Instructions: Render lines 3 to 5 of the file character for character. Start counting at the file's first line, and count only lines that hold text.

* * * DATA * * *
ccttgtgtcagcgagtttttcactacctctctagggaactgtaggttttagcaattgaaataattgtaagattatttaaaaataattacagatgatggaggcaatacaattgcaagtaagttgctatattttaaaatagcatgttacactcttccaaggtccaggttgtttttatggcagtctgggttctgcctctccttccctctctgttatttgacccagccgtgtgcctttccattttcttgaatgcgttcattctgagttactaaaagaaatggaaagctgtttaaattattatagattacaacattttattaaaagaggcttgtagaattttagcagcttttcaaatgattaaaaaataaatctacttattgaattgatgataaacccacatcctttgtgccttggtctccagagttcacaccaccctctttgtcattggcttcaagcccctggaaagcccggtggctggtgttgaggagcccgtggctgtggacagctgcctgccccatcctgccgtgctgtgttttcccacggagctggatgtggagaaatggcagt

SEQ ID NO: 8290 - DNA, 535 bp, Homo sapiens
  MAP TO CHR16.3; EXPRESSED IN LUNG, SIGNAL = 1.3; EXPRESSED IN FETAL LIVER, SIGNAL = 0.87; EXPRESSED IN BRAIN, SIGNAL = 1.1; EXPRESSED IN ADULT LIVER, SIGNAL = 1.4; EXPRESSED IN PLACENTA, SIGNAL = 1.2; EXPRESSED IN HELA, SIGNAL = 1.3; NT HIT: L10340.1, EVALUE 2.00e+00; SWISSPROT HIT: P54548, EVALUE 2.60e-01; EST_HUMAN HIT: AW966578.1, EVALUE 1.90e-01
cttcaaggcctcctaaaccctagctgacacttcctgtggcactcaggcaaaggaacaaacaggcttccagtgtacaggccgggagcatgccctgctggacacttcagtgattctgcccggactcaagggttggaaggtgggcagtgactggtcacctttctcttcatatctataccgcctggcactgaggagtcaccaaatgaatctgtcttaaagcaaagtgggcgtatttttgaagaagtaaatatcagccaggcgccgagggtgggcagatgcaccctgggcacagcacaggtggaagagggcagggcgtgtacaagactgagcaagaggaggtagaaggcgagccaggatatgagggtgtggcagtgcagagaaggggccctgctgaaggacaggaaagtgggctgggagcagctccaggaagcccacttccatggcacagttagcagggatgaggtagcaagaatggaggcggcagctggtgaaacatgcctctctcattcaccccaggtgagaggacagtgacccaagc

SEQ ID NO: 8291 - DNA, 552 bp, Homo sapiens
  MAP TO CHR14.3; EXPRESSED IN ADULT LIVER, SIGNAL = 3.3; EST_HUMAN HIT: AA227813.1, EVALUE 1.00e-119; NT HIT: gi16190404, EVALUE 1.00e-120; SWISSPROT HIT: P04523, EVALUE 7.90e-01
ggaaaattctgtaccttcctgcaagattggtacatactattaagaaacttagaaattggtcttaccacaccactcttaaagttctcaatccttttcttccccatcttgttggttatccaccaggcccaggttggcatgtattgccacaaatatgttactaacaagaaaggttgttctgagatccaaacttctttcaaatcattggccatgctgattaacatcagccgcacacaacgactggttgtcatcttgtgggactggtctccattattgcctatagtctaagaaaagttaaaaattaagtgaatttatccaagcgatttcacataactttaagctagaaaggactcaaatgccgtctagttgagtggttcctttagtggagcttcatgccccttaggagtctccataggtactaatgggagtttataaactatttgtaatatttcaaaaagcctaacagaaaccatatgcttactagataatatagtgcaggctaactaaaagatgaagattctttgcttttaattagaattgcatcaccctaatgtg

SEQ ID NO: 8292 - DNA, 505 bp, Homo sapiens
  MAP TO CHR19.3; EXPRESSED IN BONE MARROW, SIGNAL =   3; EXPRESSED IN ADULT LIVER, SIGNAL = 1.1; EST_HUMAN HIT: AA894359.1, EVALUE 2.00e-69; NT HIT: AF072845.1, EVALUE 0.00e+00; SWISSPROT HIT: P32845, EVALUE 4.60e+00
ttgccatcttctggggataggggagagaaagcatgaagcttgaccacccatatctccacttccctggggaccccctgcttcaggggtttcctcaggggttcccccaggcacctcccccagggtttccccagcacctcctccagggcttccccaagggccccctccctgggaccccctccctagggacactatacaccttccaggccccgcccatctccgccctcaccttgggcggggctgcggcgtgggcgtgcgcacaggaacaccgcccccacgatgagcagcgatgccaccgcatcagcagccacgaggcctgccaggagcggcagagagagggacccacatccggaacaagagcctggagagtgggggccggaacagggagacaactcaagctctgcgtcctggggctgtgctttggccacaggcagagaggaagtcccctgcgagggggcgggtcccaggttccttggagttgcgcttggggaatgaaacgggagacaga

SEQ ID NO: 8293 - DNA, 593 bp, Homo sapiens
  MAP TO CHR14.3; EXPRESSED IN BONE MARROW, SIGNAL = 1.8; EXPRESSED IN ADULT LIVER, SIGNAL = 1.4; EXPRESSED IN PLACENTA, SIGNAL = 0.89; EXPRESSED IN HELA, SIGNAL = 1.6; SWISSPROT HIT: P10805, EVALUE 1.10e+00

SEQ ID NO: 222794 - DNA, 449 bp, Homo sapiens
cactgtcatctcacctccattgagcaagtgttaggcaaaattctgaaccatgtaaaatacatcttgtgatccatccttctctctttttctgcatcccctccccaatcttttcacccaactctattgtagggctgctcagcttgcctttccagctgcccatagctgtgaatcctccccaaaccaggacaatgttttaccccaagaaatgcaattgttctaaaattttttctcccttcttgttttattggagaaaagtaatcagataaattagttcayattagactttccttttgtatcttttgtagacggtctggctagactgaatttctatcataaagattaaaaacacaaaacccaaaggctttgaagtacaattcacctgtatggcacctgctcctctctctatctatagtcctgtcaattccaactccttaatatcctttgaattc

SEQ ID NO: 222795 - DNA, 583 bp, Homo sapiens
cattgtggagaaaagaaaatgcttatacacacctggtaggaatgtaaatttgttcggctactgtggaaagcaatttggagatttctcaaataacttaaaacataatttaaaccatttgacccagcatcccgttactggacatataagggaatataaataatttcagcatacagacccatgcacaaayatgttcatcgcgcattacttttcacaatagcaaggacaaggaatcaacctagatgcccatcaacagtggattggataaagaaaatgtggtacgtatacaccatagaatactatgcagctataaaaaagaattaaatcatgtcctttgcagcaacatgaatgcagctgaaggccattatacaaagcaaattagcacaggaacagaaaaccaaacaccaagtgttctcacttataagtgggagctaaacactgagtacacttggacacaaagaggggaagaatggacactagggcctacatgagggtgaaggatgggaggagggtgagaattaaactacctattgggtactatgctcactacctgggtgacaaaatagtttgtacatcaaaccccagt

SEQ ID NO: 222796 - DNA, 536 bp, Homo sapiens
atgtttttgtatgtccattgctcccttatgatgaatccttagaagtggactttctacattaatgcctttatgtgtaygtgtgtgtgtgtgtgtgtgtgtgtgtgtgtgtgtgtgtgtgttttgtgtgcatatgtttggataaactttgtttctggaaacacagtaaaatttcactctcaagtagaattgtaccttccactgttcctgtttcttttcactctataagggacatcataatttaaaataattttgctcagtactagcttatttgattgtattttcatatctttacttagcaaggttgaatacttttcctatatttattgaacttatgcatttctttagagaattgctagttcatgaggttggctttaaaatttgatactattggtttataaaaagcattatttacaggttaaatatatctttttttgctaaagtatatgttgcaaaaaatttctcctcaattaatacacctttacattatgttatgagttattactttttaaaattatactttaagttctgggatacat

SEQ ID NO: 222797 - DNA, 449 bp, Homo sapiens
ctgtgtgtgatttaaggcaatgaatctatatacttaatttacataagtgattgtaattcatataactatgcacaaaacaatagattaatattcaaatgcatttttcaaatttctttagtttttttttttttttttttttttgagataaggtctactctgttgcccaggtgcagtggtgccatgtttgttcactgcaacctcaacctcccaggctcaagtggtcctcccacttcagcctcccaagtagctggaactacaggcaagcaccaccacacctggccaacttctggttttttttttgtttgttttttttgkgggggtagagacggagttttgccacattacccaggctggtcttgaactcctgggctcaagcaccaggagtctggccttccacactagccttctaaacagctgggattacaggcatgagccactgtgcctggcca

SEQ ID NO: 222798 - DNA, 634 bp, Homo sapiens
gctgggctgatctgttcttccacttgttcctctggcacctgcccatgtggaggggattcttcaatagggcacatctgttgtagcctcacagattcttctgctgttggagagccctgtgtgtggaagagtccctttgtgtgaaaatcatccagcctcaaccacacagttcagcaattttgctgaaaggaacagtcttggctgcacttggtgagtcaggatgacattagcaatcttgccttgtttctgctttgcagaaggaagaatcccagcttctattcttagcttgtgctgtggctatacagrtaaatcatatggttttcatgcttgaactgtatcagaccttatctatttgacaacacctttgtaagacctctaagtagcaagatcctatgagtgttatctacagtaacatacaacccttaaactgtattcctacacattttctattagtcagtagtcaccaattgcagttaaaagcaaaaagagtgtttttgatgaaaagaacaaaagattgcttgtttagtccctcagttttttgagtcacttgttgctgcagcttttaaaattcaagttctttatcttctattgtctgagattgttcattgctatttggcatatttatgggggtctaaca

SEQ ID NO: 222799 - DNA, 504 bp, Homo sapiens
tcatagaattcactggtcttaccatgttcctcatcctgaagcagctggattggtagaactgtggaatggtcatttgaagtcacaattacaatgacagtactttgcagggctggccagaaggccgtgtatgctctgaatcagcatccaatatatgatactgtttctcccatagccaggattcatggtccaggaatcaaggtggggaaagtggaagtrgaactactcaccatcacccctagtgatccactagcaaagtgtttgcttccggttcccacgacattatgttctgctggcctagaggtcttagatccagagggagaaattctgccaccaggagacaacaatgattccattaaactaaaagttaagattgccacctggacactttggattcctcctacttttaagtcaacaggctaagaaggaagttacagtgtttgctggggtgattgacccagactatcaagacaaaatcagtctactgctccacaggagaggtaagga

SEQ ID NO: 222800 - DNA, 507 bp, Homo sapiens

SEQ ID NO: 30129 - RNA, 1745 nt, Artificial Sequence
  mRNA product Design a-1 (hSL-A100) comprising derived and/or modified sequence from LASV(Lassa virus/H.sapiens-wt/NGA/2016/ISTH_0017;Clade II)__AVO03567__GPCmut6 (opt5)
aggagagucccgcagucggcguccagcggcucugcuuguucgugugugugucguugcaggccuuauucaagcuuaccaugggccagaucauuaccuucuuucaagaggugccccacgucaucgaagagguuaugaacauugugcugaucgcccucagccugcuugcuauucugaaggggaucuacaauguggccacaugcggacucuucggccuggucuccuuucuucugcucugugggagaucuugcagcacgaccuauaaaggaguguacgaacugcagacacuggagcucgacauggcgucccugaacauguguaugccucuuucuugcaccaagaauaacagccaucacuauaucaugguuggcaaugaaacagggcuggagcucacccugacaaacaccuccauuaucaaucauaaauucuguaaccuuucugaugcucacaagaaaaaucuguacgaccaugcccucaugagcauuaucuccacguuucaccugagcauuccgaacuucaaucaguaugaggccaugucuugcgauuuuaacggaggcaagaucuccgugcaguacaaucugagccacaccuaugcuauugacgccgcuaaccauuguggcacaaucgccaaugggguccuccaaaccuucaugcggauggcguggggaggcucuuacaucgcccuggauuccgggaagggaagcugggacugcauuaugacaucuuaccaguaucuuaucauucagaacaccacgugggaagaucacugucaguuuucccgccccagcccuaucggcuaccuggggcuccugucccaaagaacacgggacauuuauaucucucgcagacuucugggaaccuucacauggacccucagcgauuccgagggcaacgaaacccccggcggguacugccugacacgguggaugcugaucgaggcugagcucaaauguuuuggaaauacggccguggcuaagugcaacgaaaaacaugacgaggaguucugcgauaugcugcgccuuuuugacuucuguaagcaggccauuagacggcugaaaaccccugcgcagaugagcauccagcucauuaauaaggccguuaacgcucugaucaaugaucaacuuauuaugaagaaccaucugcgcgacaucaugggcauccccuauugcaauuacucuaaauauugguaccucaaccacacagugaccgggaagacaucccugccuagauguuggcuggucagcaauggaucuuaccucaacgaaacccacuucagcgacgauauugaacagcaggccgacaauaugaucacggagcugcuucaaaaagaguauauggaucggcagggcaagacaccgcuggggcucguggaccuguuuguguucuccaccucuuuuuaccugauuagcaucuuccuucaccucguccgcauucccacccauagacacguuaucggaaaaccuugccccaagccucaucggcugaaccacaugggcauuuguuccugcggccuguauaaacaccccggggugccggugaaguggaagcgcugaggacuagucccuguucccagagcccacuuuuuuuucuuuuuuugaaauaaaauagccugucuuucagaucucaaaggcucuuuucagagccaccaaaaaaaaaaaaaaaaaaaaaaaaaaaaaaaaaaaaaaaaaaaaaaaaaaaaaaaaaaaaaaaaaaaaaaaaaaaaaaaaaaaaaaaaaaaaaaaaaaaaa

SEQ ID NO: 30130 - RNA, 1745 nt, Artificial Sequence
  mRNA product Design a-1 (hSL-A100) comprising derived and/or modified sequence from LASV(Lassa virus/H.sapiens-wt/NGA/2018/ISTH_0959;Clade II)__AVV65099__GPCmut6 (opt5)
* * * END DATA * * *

  MAP TO CHR16.3; EXPRESSED IN LUNG, SIGNAL = 1.3; EXPRESSED IN FETAL LIVER, SIGNAL = 0.87; EXPRESSED IN BRAIN, SIGNAL = 1.1; EXPRESSED IN ADULT LIVER, SIGNAL = 1.4; EXPRESSED IN PLACENTA, SIGNAL = 1.2; EXPRESSED IN HELA, SIGNAL = 1.3; NT HIT: L10340.1, EVALUE 2.00e+00; SWISSPROT HIT: P54548, EVALUE 2.60e-01; EST_HUMAN HIT: AW966578.1, EVALUE 1.90e-01
cttcaaggcctcctaaaccctagctgacacttcctgtggcactcaggcaaaggaacaaacaggcttccagtgtacaggccgggagcatgccctgctggacacttcagtgattctgcccggactcaagggttggaaggtgggcagtgactggtcacctttctcttcatatctataccgcctggcactgaggagtcaccaaatgaatctgtcttaaagcaaagtgggcgtatttttgaagaagtaaatatcagccaggcgccgagggtgggcagatgcaccctgggcacagcacaggtggaagagggcagggcgtgtacaagactgagcaagaggaggtagaaggcgagccaggatatgagggtgtggcagtgcagagaaggggccctgctgaaggacaggaaagtgggctgggagcagctccaggaagcccacttccatggcacagttagcagggatgaggtagcaagaatggaggcggcagctggtgaaacatgcctctctcattcaccccaggtgagaggacagtgacccaagc

SEQ ID NO: 8291 - DNA, 552 bp, Homo sapiens